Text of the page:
that were in Arms against the Parliament of Scotland,
are now also fully reduced: And that, at the Time
mentioned by Your Majesty, there were Propositions
sent from both Kingdoms to the King, containing
what they judged necessary for the Security of the
Kingdoms, and to be the Foundation of a safe and
well-grounded Peace; yet His Majesty was then pleased (fn. *) not to condescend to the said Propositions. And
having now again, the 7th of this Instant September,
sent Propositions to the King; He, by His Answer,
the Ninth of the same, hath not given His Consent
thereto: But, when the Peace of these Kingdoms
shall be settled, which we hope in a short Time may
be effected, and for obtaining of which we shall improve our utmost Endeavours, we shall, with all real
and ready Affections, so embrace the Consederacy
and Union offered by Your Majesty, as may be for
the Good of the common Cause, and of the respective Kingdoms, and the Freedom of their Commerce.
And whereas Your Majesty hath offered Your Interposition and Mediation between the King and
us, in case we should judge it may bring forth any
good Fruit for the Profit of both; like Mediation and
Interposition having been formerly offered by the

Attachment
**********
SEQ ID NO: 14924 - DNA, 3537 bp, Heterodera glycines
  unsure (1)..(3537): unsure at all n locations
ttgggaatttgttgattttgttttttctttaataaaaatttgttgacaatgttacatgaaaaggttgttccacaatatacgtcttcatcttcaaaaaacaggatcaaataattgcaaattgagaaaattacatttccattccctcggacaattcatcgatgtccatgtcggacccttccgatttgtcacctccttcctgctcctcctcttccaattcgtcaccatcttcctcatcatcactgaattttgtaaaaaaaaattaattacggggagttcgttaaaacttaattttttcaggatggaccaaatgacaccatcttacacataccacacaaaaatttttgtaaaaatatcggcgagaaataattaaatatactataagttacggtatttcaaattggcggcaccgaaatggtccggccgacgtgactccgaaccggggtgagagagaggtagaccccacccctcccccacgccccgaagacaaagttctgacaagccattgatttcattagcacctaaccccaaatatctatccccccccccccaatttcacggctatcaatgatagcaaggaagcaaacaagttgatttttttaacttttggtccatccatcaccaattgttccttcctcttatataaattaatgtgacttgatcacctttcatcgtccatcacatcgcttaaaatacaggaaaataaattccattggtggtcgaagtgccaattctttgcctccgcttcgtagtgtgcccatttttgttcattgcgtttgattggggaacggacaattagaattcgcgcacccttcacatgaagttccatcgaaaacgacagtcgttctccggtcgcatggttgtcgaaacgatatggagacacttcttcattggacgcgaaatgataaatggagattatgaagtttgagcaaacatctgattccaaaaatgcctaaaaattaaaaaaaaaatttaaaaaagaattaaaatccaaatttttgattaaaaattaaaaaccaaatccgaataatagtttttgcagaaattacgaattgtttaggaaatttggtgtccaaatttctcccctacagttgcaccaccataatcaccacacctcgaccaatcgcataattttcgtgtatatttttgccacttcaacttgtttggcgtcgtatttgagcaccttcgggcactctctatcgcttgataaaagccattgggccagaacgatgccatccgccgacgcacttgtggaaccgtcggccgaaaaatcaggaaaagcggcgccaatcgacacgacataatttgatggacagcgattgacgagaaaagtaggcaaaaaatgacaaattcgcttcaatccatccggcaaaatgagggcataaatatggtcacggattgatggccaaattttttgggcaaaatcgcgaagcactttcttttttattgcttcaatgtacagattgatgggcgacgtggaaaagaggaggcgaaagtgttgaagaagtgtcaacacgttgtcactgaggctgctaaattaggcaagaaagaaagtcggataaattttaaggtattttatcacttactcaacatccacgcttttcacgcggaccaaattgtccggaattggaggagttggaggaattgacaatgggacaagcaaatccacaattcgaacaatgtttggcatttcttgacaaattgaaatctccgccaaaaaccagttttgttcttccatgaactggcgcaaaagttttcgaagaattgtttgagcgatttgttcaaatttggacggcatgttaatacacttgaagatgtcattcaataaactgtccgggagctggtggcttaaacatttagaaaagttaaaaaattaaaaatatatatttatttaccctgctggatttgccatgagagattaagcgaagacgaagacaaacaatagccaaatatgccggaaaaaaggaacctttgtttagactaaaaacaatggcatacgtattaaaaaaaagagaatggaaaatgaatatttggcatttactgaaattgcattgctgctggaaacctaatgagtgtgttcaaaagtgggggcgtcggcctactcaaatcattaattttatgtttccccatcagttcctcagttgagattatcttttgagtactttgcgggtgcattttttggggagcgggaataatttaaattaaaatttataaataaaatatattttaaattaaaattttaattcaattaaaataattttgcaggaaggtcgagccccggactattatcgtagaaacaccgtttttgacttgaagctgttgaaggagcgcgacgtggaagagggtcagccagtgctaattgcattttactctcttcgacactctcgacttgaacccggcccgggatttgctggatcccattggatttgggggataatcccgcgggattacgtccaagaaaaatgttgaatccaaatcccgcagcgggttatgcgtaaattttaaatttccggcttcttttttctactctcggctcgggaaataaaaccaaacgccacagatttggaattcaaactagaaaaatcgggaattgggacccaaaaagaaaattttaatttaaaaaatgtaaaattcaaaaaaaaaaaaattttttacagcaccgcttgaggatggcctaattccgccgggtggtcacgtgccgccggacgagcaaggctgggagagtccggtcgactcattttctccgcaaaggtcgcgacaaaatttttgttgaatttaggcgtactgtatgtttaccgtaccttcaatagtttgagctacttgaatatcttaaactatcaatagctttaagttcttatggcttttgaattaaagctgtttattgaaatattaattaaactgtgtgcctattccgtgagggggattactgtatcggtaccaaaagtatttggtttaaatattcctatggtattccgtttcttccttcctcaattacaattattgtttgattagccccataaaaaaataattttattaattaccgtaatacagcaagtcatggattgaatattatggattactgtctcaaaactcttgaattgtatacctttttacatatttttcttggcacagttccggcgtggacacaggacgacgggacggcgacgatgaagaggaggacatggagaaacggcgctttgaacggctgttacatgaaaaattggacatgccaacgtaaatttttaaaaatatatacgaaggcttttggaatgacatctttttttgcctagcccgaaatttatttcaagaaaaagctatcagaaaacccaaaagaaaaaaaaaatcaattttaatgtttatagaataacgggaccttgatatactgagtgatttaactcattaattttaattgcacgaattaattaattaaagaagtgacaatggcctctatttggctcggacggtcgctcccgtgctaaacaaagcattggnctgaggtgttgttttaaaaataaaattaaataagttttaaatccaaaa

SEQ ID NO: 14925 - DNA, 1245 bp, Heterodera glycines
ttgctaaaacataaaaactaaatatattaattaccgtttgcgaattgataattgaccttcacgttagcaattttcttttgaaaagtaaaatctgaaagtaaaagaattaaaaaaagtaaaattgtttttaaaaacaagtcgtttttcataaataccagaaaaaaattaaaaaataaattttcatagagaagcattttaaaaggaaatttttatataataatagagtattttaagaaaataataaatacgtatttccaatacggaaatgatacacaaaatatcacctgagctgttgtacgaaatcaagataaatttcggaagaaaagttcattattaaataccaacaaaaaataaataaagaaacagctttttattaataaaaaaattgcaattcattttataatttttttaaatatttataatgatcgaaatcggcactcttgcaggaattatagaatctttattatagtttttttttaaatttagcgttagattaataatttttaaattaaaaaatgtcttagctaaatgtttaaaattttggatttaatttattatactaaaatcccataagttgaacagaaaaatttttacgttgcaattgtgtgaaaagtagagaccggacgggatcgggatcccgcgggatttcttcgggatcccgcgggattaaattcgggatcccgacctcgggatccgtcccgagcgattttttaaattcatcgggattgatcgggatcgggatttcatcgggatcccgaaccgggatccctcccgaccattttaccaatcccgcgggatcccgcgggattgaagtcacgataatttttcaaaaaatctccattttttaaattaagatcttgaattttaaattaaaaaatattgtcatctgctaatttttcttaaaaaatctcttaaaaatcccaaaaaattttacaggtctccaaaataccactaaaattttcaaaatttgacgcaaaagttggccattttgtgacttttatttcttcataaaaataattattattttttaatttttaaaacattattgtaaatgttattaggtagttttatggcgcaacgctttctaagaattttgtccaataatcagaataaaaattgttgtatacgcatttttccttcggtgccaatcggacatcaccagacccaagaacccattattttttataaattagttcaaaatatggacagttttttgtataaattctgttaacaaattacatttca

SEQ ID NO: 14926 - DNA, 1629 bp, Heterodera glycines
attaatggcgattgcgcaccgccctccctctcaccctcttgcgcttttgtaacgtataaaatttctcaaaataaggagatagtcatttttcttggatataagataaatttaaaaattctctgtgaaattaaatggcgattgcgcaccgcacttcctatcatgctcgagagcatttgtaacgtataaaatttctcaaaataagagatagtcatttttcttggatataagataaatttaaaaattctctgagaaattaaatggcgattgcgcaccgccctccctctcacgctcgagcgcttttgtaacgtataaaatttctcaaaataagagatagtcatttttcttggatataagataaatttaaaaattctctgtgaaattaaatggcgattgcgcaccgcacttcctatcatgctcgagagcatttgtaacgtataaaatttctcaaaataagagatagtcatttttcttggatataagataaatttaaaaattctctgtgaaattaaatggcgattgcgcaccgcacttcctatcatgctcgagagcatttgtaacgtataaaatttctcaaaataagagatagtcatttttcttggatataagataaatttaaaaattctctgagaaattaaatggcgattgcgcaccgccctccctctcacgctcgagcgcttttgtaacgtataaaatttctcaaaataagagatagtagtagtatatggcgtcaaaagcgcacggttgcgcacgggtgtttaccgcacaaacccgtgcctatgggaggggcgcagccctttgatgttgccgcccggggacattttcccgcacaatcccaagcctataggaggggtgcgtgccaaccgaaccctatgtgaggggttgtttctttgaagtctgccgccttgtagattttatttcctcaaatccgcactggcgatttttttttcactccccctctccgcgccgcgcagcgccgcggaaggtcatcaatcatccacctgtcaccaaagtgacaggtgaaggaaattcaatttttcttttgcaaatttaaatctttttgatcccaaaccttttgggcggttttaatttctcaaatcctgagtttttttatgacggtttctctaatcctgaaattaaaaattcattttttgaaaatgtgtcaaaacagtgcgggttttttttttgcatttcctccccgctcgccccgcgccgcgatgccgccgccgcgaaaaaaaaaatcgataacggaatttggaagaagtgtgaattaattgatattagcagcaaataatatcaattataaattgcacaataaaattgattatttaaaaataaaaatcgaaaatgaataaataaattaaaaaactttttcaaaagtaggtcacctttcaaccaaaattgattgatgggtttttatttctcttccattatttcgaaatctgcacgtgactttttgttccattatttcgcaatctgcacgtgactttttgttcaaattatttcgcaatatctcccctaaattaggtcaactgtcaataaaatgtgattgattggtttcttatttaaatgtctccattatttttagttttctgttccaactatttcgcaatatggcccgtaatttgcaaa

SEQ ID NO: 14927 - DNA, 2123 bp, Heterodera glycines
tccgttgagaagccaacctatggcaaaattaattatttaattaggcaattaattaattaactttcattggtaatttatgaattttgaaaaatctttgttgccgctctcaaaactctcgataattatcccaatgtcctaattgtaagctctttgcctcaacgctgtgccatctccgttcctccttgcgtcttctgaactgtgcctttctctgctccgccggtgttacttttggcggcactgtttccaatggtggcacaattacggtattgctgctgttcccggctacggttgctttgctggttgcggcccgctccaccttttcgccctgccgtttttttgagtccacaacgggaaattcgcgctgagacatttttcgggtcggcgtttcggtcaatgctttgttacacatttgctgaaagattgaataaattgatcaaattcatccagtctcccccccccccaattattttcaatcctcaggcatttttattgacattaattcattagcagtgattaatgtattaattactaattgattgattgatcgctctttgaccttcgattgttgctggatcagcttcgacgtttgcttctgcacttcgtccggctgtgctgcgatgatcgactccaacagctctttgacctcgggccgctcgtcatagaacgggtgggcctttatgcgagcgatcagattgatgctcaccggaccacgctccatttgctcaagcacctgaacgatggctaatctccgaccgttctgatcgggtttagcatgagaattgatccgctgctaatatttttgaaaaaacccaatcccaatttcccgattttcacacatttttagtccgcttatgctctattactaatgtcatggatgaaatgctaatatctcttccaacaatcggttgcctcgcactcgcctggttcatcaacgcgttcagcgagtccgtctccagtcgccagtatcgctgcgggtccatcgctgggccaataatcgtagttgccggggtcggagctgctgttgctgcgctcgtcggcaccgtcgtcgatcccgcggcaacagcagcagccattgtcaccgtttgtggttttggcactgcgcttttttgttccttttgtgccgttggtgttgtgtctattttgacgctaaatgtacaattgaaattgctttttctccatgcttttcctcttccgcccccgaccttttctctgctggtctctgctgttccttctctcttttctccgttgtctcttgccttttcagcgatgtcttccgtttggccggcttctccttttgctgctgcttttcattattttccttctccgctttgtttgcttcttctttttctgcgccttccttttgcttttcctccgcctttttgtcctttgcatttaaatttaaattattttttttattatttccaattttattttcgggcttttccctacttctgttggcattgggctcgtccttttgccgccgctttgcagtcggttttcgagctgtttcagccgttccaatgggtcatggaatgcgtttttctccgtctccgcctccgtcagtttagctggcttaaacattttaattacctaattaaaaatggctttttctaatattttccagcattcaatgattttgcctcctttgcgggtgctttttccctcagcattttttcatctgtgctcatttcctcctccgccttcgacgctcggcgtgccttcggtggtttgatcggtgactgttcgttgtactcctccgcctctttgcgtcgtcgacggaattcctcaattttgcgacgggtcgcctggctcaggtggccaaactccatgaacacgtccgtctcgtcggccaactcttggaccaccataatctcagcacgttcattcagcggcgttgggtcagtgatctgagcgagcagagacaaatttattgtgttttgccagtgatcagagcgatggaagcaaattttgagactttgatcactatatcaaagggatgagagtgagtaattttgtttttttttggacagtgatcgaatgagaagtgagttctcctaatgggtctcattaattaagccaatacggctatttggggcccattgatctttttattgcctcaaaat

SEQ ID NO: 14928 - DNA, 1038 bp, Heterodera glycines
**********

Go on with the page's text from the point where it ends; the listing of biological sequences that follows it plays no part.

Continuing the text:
French King, and The States Generall of The United
Provinces, although the same for divers Reasons could
not be accepted by us: We do, with all respectful
Gratitude, acknowledge the great and good Affection
Your Majesty hath expressed towards the good Peace
and Happiness of these His Majesty's Dominions, and
of the Parliaments, as that which proceeds from Your
Religious and most Christian Desire to advance that
happy Peace amongst us, which may have a great
Influence into the future Good or Evil of all prosessing the Protestant Religion; and now desire Your
Majesty to believe, that there is nothing more in
our Desires, nor shall be in our Endeavours, than the
obtaining of a safe and well-grounded Peace, as
wherein the Interest of the King and Kingdoms is
most of all concerned.
We also desire Your Majesty, not to impute the
Delay of this Answer to Your Majesty's Letters
(which we have received with all Gratitude and Respect) to any Want of Sense of Your Majesty's Royal
Affection to the Good of these Kingdoms, nor to
arise from Want of Diligence in Your Majesty's
faithful Servant Mr. Movat, who, for divers Months
past, hath solicited his Dispatch with much Diligence
and Instance; but only from the Difficulty and Implication of Affairs under which we have been exercised by the good Pleasure and Providence of God.
"The same God (fn. *) and preserve Your Majesty in
Health and Safety.
"Signed by both Speakers."
Adjourned till 10a, Thursday Morning next.